Travelers contends that the Report errs in its determination that statutory prejudgment interest should begin on the date that each invoice was issued, as opposed to when those invoices were produced to Travelers. (Objection at 9.) The New York statute governing prejudgment interest provides that "[i]nterest shall be recovered upon a sum awarded because of a breach of performance of a contract, " N.Y. C.P.L.R. § 5001(a), and that such interest "shall be computed from the earliest ascertainable date the cause of action existed, except that interest upon damages incurred thereafter shall be computed from the date incurred, " id. § 5001(b). The Second Circuit "has consistently held that, in diversity cases commenced under New York law, the source of the right to prejudgment interest" is section 5001. Ginett v. Computer Task Grp., Inc., 962 F.2d 1085, 1101 (2d Cir. 1992).

As Judge Francis concluded, the language of the statute is clear. It has no provision that requires a later date for the commencement of prejudgment interest than the invoice date. ( See Report at 37.) The cases cited by Travelers do not compel a contrary conclusion. Rather, as the Report discusses, they are either consistent with the rule that damages are incurred from the date of breach or inapposite because they involve equitable claims, which are governed by a different rule. ( See id. at 37-38.)

Furthermore, the Second Circuit decided an issue similar to the one presented here in Ginett. There, a former employer breached an employment contract, in part, by failing to pay severance to an employee who had been fired. 962 F.2d at 1087, 1089, 1100. The employer argued that prejudgment interest should be computed from the date of a demand for payment by the employee-that is, the date the employee filed suit-rather than from the date of termination. Id. at 1101. The Second Circuit rejected the argument. Holding that the aim of prejudgment interest is "to protect plaintiffs from the economic hardship of delay, " the court concluded that there was "no... reasonable reading" of section 5001 that would require the employee "to make a demand in order to start the clock on prejudgment interest." Id.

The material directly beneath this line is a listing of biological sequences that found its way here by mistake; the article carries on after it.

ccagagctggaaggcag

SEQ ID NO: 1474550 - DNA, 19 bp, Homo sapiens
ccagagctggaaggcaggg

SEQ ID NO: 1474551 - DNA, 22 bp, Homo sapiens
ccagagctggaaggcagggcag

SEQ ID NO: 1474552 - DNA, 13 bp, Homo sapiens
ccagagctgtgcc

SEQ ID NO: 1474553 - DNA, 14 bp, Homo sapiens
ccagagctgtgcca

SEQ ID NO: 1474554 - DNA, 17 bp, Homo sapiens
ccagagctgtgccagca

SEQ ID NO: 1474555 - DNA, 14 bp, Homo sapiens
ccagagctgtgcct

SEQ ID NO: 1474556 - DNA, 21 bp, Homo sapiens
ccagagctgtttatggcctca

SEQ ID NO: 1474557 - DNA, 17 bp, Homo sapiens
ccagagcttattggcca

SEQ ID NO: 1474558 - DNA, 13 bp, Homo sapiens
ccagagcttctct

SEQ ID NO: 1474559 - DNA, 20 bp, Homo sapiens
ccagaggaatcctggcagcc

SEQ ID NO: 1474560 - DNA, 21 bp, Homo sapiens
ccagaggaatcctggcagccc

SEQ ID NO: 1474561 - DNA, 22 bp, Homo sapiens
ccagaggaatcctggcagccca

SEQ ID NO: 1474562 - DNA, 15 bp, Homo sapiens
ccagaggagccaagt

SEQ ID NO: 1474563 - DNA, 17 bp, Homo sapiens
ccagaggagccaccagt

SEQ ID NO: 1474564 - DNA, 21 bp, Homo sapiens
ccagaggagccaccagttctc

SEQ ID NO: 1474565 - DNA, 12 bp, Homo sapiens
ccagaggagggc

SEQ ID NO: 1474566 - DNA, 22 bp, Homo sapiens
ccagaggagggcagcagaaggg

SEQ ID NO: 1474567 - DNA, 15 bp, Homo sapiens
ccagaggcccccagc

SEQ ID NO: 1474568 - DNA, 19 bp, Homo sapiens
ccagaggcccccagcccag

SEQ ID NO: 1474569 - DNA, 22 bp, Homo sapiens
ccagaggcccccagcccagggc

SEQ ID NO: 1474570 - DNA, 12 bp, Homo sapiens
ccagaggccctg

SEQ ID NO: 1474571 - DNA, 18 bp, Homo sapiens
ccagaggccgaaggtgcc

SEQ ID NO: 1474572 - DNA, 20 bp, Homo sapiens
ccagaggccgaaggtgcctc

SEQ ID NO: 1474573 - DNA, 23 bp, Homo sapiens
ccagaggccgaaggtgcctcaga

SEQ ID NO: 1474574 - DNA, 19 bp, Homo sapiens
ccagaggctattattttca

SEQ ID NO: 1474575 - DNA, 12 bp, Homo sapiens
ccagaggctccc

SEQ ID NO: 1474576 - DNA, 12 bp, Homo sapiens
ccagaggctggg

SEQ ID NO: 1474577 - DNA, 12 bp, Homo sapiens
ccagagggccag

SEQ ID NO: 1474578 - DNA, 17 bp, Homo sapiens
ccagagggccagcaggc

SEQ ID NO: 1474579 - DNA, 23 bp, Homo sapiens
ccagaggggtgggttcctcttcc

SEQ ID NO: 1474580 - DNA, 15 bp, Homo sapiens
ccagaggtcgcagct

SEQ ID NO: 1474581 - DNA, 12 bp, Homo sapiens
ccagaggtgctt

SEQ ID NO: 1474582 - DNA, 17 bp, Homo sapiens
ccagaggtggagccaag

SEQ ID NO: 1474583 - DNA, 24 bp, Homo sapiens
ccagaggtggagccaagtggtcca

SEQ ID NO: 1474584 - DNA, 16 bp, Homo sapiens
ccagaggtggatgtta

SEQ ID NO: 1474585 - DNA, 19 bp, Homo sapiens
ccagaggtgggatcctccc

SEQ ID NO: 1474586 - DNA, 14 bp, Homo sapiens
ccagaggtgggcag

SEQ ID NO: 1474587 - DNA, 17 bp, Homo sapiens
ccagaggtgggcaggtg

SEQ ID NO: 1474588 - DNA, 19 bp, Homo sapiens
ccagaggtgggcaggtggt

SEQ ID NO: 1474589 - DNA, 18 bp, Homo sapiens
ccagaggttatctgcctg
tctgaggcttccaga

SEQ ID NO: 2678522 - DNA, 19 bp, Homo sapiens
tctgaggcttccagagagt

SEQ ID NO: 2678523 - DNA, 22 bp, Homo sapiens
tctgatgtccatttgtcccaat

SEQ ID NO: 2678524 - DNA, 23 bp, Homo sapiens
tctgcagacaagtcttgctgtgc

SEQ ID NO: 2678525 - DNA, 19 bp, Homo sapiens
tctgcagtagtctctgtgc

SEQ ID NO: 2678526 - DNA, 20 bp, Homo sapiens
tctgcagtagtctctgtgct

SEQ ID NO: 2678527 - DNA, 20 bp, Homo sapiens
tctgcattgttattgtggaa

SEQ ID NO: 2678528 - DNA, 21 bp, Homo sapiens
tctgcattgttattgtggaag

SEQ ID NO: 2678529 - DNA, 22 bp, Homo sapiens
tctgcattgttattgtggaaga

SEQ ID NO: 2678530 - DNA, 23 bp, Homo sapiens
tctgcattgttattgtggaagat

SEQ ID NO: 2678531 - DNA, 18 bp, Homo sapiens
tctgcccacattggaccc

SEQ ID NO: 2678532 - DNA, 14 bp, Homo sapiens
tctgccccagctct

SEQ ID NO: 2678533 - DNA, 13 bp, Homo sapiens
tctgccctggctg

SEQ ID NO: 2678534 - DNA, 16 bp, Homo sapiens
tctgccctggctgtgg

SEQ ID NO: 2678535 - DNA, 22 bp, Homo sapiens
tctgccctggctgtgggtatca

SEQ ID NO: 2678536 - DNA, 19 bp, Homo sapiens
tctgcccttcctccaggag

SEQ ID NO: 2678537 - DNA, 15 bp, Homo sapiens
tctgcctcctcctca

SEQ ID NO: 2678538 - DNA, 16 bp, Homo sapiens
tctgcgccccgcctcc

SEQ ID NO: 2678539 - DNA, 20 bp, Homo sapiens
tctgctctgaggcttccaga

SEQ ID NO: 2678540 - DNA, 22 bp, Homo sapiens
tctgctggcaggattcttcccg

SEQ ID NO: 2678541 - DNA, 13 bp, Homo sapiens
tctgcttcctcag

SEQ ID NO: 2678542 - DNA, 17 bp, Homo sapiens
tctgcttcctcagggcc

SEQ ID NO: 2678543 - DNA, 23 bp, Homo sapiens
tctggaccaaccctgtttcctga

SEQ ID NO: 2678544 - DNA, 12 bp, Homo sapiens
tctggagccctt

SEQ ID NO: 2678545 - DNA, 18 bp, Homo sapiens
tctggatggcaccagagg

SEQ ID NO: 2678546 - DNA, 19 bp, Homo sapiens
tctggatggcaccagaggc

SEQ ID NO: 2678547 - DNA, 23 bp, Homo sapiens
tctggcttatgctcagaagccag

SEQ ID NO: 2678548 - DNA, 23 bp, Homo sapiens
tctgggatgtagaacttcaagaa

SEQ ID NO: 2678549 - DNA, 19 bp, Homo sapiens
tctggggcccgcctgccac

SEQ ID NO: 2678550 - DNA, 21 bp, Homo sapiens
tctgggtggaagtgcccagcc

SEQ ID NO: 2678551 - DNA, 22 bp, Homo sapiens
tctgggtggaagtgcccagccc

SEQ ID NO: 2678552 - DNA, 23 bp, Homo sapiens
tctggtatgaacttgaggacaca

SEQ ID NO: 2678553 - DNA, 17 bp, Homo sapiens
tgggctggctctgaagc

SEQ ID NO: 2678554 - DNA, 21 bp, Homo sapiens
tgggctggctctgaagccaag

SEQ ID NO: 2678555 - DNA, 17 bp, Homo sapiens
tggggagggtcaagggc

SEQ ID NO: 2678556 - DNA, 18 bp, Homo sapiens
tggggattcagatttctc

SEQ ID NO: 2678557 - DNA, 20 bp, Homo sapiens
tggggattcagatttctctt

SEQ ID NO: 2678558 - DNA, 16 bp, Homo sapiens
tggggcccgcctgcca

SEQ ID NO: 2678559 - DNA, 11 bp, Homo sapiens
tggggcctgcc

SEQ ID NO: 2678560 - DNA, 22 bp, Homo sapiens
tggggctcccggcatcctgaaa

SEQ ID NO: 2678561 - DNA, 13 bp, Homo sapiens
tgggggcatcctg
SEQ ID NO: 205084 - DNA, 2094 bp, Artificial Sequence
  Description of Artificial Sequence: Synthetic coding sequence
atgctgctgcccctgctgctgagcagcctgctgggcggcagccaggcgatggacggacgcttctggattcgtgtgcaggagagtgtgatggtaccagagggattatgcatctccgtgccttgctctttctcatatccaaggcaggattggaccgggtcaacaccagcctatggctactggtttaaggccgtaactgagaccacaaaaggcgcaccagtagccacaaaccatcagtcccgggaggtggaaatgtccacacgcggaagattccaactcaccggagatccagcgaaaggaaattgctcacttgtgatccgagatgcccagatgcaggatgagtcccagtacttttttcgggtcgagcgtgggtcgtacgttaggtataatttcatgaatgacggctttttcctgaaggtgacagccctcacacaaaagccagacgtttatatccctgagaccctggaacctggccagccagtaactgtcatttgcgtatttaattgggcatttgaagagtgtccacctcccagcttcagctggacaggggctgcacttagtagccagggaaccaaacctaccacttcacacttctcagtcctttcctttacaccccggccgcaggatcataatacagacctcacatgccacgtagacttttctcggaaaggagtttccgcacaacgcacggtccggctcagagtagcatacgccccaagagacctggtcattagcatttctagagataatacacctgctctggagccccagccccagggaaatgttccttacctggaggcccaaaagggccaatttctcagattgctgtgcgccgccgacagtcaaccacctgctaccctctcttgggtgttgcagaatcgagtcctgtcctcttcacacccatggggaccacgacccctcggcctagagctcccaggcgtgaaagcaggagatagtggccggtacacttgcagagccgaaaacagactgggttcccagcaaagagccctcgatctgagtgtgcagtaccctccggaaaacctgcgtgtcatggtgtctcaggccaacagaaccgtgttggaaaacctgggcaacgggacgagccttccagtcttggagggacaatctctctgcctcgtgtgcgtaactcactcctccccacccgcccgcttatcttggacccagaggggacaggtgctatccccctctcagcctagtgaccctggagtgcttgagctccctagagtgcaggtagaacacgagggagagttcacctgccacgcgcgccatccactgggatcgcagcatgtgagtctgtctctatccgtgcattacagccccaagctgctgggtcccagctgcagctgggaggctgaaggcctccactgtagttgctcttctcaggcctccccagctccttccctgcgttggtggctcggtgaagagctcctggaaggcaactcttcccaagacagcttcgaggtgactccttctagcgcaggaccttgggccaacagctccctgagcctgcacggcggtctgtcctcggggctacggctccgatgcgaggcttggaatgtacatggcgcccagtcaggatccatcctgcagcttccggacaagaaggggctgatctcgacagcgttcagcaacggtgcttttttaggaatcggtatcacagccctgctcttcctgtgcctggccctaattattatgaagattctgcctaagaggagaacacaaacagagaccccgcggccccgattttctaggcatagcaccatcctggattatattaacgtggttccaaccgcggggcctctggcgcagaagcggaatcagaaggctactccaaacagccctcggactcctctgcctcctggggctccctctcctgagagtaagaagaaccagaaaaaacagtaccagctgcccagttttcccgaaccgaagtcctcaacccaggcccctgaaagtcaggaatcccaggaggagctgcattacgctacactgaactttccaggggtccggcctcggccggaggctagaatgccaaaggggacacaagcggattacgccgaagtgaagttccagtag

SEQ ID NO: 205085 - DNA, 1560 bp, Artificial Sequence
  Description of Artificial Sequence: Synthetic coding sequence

The same reasoning applies in this case. Travelers has set forth no plausible reading of the statute that would lead to the conclusion that the prejudgment interest clock must start when Travelers received each invoice, rather than when each invoice was issued.[4] Accordingly, Travelers' objections pertaining to the calculation of prejudgment interest are overruled.

IV. Conclusion

For the foregoing reasons, Travelers' objections are OVERRULED following the Court's de novo review. The Court has also reviewed the remainder of the Report, to which Travelers did not specifically object, and concludes that it is not clearly erroneous. Accordingly, Magistrate Judge Francis's Report and Recommendation is ADOPTED in full.

The motions for attorney's fees by Atlas Copco and Danaher are GRANTED. Atlas Copco is awarded $234, 490.45, plus statutory prejudgment interest from the date of each invoice, for fees and costs arising from the duty to defend litigation. Additionally, Atlas Copco and Danaher are awarded $8, 720, 181.85, plus statutory prejudgment interest from the date of each invoice, for fees and costs arising from the underlying claims.

The Clerk of the Court is directed to terminate the motions at docket numbers 225 and 230.